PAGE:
The snow is gone, the birds are back and things are starting to green up. Spring is a wonderful time of year in Northeast Iowa and there is no better place to celebrate it than in the woods looking for tiny wildflowers called spring ephemerals. Spring ephemerals are short-lived plants that are in a photosynthetic race against all other forest vegetation including the trees themselves. Starting in March the plants open up, hoping to capture as much sunlight and pollinators as possible.
Every April, the allure of seeing a Pasque flower in bloom forces me to put all tasks aside. This flower blooms around Easter time hence the name "Pasque" (meaning "like Paschal," relating to Passover/Easter time). Typically found in Iowa’s Tallgrass Prairies, Pasque flowers will also grow on high bluff top openings called “goat prairies” (this term refers to a hill so steep that it was thought only goats could graze on it). On these goat prairies, dozens of plant, animal, and insect species interact with each other to make up a truly unique habitat. Luckily, one of my close friends has the agility of a goat and after scaling a limestone ridge along the Turkey River he clued me in to a patch of “tiny, amazing wildflowers” he had never seen before. The following lines are an account of my first time looking for Pasque flowers.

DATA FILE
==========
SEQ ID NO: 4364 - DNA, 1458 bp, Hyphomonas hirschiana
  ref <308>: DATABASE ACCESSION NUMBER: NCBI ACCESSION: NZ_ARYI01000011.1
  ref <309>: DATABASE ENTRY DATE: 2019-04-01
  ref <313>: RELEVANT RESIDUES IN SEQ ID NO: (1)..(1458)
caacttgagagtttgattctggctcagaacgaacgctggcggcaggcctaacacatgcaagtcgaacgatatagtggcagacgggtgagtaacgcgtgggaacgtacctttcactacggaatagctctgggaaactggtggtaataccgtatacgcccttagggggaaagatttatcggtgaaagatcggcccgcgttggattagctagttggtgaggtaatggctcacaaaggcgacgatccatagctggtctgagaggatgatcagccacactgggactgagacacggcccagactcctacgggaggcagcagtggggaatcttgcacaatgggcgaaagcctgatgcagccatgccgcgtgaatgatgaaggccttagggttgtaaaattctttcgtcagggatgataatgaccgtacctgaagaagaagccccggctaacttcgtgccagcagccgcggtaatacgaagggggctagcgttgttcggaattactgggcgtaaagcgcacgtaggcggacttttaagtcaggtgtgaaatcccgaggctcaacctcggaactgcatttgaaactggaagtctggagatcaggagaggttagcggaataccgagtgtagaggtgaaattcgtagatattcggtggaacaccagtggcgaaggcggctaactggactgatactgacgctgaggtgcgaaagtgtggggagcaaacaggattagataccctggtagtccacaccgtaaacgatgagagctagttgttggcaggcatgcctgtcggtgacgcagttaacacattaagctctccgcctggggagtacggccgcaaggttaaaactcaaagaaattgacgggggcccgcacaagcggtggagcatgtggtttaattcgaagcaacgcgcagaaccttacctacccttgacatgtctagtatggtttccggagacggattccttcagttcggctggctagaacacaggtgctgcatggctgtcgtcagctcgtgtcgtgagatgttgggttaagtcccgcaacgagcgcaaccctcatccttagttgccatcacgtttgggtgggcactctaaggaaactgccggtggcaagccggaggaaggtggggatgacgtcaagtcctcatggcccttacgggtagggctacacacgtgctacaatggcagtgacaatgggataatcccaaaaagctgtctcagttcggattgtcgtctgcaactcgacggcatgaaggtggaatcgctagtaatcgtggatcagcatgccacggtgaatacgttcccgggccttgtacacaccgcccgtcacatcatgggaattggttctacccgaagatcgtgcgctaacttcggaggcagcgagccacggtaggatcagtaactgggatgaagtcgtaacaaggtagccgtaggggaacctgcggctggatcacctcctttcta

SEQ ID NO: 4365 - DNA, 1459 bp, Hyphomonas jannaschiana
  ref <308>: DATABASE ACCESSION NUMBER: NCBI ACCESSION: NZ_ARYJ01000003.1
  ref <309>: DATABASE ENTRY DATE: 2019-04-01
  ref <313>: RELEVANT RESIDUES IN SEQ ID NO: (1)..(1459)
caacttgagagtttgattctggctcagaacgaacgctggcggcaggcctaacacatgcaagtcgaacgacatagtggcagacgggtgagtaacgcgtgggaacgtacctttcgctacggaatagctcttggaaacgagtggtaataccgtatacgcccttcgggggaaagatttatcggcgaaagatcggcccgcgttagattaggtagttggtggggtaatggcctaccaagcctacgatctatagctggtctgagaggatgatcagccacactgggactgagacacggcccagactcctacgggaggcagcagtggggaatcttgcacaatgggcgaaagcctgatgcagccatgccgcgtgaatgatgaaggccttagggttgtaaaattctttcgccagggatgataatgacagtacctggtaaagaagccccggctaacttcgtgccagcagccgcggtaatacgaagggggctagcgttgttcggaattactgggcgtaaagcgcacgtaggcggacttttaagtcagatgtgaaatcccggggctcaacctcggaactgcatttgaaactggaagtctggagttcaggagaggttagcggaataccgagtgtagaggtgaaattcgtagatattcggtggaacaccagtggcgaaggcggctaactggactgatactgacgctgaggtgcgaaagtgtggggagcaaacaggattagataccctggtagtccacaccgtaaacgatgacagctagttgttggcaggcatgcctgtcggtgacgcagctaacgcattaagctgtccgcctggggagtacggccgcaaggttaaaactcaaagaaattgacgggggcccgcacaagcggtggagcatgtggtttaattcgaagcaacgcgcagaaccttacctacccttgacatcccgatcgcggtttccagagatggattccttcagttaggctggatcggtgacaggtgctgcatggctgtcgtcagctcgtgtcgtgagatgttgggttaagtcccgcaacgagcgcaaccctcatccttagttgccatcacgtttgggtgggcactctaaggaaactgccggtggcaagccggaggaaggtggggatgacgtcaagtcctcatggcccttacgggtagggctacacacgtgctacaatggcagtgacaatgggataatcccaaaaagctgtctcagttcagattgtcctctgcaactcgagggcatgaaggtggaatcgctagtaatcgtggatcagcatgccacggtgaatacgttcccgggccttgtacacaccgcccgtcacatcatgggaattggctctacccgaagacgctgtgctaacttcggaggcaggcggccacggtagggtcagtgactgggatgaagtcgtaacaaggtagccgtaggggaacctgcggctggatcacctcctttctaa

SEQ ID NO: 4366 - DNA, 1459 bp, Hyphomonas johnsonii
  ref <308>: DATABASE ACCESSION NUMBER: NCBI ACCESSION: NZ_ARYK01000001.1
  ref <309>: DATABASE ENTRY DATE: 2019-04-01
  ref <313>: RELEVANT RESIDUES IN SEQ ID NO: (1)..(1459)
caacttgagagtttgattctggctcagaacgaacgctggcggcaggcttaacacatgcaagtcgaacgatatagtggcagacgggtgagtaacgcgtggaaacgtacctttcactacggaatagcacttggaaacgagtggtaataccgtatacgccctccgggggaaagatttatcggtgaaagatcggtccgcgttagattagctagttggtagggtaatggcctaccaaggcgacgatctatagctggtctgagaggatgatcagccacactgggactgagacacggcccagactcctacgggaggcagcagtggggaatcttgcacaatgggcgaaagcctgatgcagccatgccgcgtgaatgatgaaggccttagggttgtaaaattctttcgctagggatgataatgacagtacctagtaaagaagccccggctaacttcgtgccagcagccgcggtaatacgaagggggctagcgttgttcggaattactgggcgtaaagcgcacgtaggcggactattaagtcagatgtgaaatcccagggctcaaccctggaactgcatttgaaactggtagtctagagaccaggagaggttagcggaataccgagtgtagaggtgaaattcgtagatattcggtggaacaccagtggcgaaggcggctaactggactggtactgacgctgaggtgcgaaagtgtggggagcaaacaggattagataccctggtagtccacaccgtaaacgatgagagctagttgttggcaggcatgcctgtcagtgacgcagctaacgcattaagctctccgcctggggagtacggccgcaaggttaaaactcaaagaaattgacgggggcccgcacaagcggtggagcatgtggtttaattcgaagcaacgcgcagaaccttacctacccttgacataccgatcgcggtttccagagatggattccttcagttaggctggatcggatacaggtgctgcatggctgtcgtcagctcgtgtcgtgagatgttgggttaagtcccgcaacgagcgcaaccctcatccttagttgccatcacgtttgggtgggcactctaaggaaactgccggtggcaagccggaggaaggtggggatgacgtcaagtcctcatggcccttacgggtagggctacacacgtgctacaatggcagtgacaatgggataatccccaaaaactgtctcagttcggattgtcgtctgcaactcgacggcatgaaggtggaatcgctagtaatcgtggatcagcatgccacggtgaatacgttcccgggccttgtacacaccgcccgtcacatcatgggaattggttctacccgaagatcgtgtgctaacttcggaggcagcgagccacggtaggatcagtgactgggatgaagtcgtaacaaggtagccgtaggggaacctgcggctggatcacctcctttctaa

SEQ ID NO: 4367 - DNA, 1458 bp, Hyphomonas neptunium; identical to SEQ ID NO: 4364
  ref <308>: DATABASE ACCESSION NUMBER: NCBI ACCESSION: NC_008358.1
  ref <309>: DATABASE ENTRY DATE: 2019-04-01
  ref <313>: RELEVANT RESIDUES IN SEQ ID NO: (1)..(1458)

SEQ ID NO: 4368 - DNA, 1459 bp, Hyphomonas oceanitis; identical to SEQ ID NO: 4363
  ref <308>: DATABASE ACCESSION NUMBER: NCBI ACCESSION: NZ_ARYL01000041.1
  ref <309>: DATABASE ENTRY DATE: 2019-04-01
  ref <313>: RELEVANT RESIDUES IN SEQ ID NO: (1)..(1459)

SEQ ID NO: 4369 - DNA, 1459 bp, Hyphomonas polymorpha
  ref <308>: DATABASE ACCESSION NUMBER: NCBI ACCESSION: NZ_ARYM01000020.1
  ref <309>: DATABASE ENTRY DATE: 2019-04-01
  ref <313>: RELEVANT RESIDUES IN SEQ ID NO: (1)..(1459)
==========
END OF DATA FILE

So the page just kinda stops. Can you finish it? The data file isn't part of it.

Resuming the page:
Having no map and only my friend’s descriptive words, I deliberate how to find a flower I’ve never seen. The climb up the bluff is steep and forces me to stop to catch my breath several times. Resting, I hear the “True, Truly” call of an Eastern Bluebird coming from the forest edge below. Insects crawl on the moss-covered rocks, robins are flitting about in oak leaves; the earth is waking up under my feet.
On top of the bluff, under a big blue sky, thick mats of sedges make the ground feel like shag carpet. Chorus frogs are calling in the distance. Turkey vultures soar above me. Twisting branches of Eastern Red Cedar trees are teeming with green, blue, and yellow lichens. Though they are a combination of fungus and algae, lichens live as one plant and are simply using the Cedar trees to connect themselves. Without knowing their names, I admire the lichens until a tiny, fuzzy flower catches my attention.
Like an ear that was just whispered a secret, my eyes and jaw drop to the ground. On my hands and knees, I measure the plant to be no more than two inches tall and notice the flower’s stalk is full of tiny silky threads. The combination of growing low to the ground and the smooth “hairs” are the plant’s adaptations to keep it warm during the cold days of spring. The flower has six beautiful white to pinkish sepals that contain parallel veins, which lead into its bright yellow stamens. Upon further investigation, I learn this mystery flower is indeed a Pasque flower. I rest next to the flower for several minutes, letting the sunshine warm my winter bones. A smile comes across my face knowing there will be so many more colors of wildflowers to chase.